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iPhone  header logo

Simon the Sorcerer


For: iPhone   Also on: Android, iPad

Hubble bubble, touchscreen trouble

Product: Simon the Sorcerer | Developer: MojoTouch | Format: iPhone | Genre: Adventure, Retro | Players: 1 | Version: Europe | App version: 1.5
 
Simon the Sorcerer iPhone, thumbnail 1
Learning magic always seems like a good idea until you realise how much work is involved. Like most things that seem simple, getting any good at sleights of hand or card tricks takes a lot of work, not to mention the embarrassment of attempting it in front of friends dozens of times.

Simon the Sorcerer features not your average slightly-too-focused magician but a teenage boy with more snide remarks in his inventory than tricks. He gets sucked into a magical world by the wizard Calypso, who has chosen Simon for reasons unknown to confront the evil wizard Sordid.

Sure, the synopsis sounds like that of your average popcorn fantasy film, but the game is more about dredging up references than treading its own path. So get those wry smiles prepared if you know your Tolkein from your C.S. Lewis.

One of the original point-and-click adventures from the early 90s, Simon the Sorcerer sees you walking around as Simon, solving puzzles by selecting verb commands that tell him how you’d like him to interact with the world.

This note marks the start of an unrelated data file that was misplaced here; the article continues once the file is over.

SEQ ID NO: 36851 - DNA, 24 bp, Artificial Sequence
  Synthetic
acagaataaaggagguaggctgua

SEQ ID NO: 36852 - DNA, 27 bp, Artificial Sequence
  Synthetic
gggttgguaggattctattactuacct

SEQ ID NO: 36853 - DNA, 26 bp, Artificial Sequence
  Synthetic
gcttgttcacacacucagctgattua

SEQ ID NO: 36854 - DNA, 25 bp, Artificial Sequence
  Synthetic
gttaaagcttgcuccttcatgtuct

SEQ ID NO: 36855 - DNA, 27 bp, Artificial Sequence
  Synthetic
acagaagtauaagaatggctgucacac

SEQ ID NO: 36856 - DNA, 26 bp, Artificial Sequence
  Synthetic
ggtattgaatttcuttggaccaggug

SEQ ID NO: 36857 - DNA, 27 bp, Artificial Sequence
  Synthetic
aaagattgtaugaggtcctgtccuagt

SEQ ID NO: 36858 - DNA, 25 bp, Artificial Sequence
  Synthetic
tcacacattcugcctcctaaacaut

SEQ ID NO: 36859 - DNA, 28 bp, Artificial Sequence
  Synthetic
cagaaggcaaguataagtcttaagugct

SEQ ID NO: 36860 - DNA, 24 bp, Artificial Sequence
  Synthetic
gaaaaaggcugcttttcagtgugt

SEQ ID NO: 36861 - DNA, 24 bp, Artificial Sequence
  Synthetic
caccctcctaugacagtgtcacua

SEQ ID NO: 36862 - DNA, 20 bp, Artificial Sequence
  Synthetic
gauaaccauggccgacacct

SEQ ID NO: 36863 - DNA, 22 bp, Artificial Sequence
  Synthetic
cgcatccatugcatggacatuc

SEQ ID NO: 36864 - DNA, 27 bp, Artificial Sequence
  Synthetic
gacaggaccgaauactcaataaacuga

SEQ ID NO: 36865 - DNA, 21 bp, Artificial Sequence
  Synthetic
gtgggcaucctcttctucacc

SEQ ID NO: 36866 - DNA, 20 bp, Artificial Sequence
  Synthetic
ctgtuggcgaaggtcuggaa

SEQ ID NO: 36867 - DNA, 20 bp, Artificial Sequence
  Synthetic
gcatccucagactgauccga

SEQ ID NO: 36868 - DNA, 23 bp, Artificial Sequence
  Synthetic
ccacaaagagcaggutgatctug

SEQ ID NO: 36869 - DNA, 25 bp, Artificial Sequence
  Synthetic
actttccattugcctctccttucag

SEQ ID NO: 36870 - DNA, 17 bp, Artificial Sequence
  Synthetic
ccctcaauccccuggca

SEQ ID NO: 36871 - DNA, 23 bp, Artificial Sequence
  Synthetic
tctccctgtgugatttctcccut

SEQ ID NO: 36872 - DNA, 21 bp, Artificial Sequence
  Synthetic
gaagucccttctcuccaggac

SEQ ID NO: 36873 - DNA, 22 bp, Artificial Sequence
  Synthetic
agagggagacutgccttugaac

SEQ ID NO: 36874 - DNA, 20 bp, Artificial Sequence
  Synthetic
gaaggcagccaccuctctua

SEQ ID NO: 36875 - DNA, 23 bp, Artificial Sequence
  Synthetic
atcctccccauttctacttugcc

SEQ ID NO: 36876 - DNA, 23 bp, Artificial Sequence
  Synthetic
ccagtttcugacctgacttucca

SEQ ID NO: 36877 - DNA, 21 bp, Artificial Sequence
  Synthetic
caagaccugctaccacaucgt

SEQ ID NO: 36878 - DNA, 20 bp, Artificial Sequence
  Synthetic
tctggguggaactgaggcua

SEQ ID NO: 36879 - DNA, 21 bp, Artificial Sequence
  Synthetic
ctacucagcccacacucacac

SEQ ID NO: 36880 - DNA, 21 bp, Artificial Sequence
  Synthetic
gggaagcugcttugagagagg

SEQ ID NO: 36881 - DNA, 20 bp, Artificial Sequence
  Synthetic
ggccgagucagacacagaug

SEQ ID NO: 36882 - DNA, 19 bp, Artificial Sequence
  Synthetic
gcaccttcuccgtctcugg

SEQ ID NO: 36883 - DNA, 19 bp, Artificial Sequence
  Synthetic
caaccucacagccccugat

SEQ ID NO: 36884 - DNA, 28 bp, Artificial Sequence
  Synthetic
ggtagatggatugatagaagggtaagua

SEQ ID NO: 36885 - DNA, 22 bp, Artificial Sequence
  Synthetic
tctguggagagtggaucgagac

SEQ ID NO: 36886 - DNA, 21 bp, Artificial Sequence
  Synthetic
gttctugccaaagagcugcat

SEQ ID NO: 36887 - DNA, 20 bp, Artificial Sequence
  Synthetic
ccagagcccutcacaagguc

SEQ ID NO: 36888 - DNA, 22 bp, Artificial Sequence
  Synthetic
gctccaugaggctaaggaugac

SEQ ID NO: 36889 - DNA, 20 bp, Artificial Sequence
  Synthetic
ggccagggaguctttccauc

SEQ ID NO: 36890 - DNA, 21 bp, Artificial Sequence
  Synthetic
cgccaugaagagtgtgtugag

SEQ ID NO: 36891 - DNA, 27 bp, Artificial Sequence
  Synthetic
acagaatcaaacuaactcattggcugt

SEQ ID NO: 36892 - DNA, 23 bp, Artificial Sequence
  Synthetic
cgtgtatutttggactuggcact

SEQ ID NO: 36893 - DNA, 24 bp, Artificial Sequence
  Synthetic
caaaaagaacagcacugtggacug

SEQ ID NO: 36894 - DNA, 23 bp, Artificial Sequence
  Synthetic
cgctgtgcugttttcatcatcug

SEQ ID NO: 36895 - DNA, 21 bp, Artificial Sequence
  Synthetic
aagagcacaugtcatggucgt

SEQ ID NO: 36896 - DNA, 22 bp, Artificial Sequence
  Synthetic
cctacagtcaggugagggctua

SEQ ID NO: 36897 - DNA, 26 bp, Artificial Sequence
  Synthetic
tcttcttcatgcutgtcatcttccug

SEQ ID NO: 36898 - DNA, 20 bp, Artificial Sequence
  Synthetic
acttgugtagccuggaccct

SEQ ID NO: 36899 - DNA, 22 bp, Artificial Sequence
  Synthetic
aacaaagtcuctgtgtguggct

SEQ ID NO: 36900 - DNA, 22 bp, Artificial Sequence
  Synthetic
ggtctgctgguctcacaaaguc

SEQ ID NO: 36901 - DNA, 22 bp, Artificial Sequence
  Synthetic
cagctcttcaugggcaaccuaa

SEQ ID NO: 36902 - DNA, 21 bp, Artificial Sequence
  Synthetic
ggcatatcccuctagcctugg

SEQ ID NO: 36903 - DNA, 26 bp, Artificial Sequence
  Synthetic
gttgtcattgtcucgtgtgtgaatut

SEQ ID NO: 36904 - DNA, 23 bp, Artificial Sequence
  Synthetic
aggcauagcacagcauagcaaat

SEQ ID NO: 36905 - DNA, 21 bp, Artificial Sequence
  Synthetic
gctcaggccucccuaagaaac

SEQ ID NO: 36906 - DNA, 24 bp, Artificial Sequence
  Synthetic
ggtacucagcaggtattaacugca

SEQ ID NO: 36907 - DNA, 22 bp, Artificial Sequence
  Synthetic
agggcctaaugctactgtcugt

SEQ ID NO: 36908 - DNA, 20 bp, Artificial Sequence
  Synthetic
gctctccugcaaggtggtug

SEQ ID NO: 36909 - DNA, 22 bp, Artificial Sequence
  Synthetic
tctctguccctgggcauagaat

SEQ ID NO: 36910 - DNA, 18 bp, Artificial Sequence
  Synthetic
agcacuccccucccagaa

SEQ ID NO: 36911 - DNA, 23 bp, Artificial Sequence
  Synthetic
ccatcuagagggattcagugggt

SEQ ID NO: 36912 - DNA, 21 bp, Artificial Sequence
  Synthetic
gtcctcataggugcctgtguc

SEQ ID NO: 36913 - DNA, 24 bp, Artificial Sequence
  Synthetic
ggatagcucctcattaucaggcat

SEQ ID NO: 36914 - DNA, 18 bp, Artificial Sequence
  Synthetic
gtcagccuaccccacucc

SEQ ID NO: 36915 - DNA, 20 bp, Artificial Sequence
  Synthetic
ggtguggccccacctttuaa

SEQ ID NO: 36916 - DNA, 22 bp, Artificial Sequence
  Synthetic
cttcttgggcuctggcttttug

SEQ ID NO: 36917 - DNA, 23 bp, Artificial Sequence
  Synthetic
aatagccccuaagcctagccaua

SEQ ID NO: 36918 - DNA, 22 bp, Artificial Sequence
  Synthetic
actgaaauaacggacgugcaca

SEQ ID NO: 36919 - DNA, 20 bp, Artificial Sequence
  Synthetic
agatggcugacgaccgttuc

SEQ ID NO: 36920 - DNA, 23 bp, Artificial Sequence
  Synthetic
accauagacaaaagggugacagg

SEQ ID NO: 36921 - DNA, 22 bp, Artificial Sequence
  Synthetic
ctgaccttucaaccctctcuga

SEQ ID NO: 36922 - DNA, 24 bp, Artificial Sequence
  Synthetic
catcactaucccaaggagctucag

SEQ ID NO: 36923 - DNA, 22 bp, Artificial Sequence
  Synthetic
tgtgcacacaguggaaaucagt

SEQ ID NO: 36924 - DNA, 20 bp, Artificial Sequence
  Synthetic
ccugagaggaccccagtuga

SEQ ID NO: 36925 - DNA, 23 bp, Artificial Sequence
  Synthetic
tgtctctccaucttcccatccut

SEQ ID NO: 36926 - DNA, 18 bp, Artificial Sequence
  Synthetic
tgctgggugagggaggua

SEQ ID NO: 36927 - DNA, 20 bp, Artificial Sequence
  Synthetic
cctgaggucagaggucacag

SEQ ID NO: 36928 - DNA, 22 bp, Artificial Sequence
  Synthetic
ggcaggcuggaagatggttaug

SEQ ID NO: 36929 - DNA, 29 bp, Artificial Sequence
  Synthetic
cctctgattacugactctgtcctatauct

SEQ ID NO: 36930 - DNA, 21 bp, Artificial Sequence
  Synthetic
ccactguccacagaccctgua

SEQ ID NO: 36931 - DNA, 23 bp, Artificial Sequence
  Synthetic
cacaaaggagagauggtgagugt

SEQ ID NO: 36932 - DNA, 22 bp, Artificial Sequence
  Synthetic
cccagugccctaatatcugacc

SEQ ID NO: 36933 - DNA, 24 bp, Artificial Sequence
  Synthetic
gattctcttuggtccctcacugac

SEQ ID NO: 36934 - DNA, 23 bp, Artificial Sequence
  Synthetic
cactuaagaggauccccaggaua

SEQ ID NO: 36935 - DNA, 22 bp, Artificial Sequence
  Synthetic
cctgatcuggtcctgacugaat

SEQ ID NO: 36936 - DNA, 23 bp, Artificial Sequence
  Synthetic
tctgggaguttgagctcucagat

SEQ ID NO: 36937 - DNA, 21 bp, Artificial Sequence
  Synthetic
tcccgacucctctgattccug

Since Simon the Sorcerer was originally controlled with a mouse, the conversion to touchscreen spells some trouble. There are two methods available: the first treats the touchscreen like a laptop’s touchpad, and the other provides you with direct control over a cursor that focuses on a small patch of the scene.

The low-fi option is easier to cope with because the interface is too fiddly to operate without a cursor. Either way, getting a grip on the controls is a challenge. This isn’t helped by the fact that the game’s early stages aren’t particularly accessible.

Instead of gradually introducing you to the game via a handful of locations, the game makes a dozen locales available from the off. It's disconcerting not being told where to go when you first start if you've never played the game before.

Even back in the day, Simon the Sorcerer felt a little clunky. Still, it’s got the original spoken dialogue throughout, including lord smug-a-tron himself Chris Barrie in the title role. The visuals have aged very well, too, looking colourful, detailed and not at all geriatric.

While some of the comic references within may make you cringe, Simon the Sorcerer remains an engaging adventure once you get over the initial hump of finding out where you are and exactly what the hell you’re meant to be doing. It’s the classic game underneath that makes us like this title rather than this particular iPhone execution of it.
 
Simon the Sorcerer
Reviewer photo
Paul Marchant | 1 September 2009
The classic adventure underneath hasn’t aged too badly, but the supposed control innovations designed to make the game iPhone friendly aren’t anything to write home about
 
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